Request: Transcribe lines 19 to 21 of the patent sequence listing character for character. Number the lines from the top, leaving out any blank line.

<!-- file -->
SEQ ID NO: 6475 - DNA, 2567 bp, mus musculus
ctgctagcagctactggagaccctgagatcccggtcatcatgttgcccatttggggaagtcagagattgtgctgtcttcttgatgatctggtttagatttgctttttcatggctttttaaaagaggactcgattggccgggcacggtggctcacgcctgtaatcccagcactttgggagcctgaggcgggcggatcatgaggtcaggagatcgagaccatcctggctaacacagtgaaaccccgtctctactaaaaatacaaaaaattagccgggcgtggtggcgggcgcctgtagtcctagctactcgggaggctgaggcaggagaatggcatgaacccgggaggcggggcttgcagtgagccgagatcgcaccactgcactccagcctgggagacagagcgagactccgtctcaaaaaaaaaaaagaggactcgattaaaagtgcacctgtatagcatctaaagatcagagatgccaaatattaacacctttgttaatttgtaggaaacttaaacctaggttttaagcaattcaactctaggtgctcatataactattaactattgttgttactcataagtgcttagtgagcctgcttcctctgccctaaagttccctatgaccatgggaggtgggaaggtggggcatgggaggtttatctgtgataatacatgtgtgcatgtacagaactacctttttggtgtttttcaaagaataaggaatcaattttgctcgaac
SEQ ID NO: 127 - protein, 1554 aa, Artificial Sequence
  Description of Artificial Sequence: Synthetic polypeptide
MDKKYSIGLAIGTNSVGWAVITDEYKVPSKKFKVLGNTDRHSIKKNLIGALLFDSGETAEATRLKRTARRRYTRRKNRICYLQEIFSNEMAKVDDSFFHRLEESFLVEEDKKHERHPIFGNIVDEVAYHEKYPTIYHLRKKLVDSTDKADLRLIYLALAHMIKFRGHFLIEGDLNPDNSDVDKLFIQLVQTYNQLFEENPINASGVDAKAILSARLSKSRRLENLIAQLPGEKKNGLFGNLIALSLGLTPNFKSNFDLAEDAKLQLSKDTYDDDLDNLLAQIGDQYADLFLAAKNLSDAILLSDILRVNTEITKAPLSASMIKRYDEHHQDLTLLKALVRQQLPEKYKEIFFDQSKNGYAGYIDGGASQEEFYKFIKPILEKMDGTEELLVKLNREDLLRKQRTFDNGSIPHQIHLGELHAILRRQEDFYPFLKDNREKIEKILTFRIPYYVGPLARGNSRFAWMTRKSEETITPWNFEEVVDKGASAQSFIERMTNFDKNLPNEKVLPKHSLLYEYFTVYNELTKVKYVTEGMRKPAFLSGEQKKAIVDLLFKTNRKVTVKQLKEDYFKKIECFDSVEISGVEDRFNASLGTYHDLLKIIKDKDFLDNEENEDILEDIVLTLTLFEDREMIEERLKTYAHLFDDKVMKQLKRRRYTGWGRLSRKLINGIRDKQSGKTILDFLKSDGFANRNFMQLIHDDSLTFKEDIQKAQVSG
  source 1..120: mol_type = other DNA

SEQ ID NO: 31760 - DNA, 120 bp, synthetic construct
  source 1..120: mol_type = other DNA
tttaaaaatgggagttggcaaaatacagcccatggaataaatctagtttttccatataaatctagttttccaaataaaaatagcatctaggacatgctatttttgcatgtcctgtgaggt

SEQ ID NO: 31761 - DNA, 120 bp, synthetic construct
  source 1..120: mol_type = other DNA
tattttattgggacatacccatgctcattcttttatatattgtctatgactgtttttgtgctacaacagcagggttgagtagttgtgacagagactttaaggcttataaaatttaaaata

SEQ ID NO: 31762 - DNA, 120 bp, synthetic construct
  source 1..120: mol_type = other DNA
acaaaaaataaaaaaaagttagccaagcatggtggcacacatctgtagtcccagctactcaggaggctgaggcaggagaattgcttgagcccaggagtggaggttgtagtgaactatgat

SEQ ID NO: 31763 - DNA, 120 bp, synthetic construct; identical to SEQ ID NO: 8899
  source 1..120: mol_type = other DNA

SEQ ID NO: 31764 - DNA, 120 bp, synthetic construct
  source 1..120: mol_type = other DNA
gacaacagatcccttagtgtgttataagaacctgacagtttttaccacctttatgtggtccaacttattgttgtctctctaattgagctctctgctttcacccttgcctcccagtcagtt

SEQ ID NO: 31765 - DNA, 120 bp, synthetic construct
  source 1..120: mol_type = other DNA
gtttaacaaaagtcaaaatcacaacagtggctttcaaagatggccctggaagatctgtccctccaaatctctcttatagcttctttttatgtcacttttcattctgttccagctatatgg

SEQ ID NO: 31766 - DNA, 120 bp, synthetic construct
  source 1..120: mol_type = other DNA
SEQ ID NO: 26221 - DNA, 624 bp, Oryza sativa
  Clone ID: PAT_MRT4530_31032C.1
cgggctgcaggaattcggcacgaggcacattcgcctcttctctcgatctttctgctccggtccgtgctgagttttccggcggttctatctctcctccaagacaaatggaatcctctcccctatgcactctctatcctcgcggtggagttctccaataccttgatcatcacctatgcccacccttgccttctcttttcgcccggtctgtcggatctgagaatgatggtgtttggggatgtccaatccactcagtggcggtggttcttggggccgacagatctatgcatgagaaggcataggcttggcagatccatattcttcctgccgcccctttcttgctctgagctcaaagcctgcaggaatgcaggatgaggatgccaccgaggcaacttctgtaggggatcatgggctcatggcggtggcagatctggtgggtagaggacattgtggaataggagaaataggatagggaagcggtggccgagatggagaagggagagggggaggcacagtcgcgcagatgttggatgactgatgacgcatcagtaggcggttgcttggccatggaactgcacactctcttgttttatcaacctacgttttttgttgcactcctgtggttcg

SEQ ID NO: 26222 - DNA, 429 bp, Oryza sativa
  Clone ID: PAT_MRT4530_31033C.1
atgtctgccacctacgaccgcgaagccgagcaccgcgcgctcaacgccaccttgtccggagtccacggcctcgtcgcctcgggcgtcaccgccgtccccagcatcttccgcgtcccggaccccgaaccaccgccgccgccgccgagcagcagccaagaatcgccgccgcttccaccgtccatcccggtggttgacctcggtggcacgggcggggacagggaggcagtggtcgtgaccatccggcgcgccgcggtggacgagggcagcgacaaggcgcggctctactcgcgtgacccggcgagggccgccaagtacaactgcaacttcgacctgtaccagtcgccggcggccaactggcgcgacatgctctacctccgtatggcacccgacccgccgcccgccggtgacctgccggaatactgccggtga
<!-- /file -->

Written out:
  source 1..120: mol_type = other DNA
gacaacagatcccttagtgtgttataagaacctgacagtttttaccacctttatgtggtccaacttattgttgtctctctaattgagctctctgctttcacccttgcctcccagtcagtt

SEQ ID NO: 31765 - DNA, 120 bp, synthetic construct